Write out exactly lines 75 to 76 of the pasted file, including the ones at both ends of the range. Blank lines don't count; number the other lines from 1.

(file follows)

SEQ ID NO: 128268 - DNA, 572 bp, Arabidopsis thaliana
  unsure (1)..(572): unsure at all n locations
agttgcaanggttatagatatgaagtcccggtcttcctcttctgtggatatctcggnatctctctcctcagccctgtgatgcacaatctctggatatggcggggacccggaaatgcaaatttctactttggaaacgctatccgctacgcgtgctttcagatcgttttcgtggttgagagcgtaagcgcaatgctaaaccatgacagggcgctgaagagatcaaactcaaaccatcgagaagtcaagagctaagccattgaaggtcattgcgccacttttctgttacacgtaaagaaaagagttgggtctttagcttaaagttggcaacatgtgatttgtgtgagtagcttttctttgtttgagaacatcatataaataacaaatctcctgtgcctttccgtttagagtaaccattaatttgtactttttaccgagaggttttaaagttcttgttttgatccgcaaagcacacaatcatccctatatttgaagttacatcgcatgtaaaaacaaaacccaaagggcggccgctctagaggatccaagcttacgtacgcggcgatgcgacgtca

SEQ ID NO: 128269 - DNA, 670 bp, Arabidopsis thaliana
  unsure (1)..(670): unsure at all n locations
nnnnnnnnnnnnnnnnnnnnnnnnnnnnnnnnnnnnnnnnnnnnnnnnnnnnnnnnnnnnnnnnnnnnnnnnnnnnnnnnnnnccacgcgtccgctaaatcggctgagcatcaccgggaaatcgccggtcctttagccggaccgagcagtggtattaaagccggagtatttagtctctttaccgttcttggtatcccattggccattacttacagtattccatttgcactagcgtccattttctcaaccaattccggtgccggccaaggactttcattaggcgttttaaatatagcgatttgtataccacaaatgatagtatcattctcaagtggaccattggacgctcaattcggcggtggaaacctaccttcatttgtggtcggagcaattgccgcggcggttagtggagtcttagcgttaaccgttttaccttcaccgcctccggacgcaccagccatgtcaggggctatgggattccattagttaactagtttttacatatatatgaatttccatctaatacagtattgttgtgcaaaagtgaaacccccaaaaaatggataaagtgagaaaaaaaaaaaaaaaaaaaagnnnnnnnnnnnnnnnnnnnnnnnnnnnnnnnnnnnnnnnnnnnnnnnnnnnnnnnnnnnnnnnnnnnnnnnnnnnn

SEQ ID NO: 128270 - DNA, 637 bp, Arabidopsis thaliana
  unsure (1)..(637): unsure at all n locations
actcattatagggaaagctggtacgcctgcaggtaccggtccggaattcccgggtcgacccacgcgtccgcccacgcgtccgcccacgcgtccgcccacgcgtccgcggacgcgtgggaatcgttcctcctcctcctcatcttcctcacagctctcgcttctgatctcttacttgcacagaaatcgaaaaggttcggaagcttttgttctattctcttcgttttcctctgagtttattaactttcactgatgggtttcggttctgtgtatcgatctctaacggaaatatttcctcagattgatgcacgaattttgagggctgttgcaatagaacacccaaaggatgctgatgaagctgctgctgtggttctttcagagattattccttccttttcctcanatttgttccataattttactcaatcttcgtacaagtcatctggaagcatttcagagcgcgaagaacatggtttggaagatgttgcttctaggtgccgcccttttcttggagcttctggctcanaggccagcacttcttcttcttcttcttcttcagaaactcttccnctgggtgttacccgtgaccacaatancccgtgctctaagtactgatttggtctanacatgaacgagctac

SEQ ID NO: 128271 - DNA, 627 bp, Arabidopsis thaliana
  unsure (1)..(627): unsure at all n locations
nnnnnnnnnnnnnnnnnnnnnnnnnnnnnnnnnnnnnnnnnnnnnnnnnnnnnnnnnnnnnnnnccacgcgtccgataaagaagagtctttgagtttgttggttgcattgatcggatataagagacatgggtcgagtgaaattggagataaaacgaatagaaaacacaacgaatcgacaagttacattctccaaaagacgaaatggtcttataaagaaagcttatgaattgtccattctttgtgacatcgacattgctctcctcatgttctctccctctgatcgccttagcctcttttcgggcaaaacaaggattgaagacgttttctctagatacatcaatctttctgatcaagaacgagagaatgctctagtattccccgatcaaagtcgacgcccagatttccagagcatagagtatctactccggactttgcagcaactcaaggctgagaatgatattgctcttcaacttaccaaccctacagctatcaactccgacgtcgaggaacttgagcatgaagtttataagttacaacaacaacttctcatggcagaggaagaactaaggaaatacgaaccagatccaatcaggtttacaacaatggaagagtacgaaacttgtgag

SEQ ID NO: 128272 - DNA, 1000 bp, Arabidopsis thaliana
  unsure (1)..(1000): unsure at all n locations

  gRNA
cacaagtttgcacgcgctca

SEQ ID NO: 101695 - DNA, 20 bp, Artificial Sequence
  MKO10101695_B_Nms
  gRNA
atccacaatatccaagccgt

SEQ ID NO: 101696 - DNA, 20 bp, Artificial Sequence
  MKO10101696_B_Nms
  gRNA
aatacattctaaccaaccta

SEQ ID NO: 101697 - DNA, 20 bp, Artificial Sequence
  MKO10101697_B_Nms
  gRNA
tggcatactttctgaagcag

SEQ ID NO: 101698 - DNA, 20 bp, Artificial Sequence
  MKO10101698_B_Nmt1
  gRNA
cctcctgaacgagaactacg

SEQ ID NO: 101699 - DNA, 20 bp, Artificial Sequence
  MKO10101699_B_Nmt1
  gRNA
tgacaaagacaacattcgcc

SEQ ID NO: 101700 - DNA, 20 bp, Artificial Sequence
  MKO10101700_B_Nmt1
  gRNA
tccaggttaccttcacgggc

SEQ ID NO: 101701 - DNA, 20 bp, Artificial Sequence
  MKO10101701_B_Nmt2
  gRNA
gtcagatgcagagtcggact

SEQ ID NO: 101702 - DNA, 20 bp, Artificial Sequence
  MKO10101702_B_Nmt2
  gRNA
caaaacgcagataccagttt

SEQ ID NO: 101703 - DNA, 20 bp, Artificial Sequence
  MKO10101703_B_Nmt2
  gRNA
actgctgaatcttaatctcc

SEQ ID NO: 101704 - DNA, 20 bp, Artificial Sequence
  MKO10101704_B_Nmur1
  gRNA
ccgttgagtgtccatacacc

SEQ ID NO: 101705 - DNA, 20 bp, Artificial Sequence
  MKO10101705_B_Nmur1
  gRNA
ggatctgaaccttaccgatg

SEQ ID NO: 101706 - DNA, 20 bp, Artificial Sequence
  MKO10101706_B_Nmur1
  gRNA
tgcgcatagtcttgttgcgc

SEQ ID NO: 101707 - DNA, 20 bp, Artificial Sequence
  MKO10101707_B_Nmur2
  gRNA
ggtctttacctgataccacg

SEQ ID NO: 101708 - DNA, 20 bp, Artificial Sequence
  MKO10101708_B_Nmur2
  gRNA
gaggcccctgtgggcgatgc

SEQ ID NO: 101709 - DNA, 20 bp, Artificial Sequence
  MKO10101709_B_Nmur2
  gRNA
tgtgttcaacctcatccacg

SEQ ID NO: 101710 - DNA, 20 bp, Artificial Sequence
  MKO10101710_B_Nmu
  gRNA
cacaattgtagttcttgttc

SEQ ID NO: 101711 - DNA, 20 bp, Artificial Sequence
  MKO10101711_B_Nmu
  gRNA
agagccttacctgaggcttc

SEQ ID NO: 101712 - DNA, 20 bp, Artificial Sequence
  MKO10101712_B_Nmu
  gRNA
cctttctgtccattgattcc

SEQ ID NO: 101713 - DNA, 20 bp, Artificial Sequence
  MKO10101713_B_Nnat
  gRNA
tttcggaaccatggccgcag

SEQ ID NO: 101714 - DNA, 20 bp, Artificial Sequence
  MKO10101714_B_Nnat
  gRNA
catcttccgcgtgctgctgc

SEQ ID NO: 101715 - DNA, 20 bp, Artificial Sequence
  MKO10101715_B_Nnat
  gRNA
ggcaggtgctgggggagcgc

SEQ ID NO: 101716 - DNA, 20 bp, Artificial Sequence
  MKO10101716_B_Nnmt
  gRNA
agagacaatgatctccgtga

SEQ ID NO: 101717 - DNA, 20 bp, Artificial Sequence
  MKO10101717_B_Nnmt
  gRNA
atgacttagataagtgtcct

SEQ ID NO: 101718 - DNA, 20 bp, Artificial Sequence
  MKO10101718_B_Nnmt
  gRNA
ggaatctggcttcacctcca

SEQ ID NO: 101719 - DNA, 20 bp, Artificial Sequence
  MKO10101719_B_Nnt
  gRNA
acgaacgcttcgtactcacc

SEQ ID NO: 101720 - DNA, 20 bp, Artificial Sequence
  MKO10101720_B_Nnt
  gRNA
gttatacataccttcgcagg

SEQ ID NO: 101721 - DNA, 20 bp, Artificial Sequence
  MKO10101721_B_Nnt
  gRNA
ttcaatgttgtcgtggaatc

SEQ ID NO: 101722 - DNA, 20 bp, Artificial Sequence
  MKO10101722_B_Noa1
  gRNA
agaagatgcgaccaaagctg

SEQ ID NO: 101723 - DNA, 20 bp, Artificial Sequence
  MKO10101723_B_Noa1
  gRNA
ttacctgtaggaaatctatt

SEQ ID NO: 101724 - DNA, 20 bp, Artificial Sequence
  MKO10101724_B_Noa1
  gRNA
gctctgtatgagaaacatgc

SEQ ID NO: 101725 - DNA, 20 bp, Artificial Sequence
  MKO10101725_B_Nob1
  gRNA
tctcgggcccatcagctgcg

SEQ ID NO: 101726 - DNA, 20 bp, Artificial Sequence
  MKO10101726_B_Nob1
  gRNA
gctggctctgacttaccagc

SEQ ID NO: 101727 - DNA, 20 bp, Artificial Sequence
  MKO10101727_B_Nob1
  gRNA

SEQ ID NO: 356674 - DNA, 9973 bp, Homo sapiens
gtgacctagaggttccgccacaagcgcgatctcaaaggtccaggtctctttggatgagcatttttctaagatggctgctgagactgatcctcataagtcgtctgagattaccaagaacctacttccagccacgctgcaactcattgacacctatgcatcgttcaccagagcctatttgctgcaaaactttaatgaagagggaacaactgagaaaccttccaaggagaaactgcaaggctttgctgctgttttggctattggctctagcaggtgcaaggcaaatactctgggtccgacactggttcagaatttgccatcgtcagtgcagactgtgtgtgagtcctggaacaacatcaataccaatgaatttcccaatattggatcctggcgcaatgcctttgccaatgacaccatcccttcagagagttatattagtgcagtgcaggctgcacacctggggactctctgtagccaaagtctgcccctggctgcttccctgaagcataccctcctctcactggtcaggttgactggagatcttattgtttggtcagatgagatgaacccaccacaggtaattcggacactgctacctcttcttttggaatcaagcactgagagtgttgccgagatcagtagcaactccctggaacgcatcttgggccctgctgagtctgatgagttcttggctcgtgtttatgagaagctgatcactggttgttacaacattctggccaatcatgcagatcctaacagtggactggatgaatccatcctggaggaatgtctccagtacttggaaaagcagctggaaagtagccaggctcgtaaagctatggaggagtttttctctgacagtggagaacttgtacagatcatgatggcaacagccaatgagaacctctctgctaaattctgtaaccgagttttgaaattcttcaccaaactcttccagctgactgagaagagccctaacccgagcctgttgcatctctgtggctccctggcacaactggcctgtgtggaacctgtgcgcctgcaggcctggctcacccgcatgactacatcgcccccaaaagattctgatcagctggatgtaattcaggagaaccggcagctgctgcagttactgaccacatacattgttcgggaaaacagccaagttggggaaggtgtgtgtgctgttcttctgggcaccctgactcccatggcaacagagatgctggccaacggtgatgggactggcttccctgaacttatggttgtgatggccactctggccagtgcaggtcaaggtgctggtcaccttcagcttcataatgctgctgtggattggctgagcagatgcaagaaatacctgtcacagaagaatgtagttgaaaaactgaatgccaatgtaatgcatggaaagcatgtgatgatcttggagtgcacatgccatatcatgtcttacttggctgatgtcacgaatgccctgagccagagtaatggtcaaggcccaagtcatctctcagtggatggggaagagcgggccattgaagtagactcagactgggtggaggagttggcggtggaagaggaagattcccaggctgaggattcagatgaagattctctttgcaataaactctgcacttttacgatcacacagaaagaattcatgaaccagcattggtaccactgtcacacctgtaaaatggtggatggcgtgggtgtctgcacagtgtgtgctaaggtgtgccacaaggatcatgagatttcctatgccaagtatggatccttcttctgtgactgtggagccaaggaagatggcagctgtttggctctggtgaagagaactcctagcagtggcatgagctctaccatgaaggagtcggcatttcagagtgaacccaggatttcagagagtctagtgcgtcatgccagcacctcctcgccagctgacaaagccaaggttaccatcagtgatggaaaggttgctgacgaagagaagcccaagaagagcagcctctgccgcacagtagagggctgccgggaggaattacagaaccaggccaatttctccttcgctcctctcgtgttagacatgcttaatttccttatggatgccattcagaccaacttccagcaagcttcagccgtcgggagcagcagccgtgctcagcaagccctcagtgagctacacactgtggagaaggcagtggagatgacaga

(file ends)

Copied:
  gRNA
tgtgttcaacctcatccacg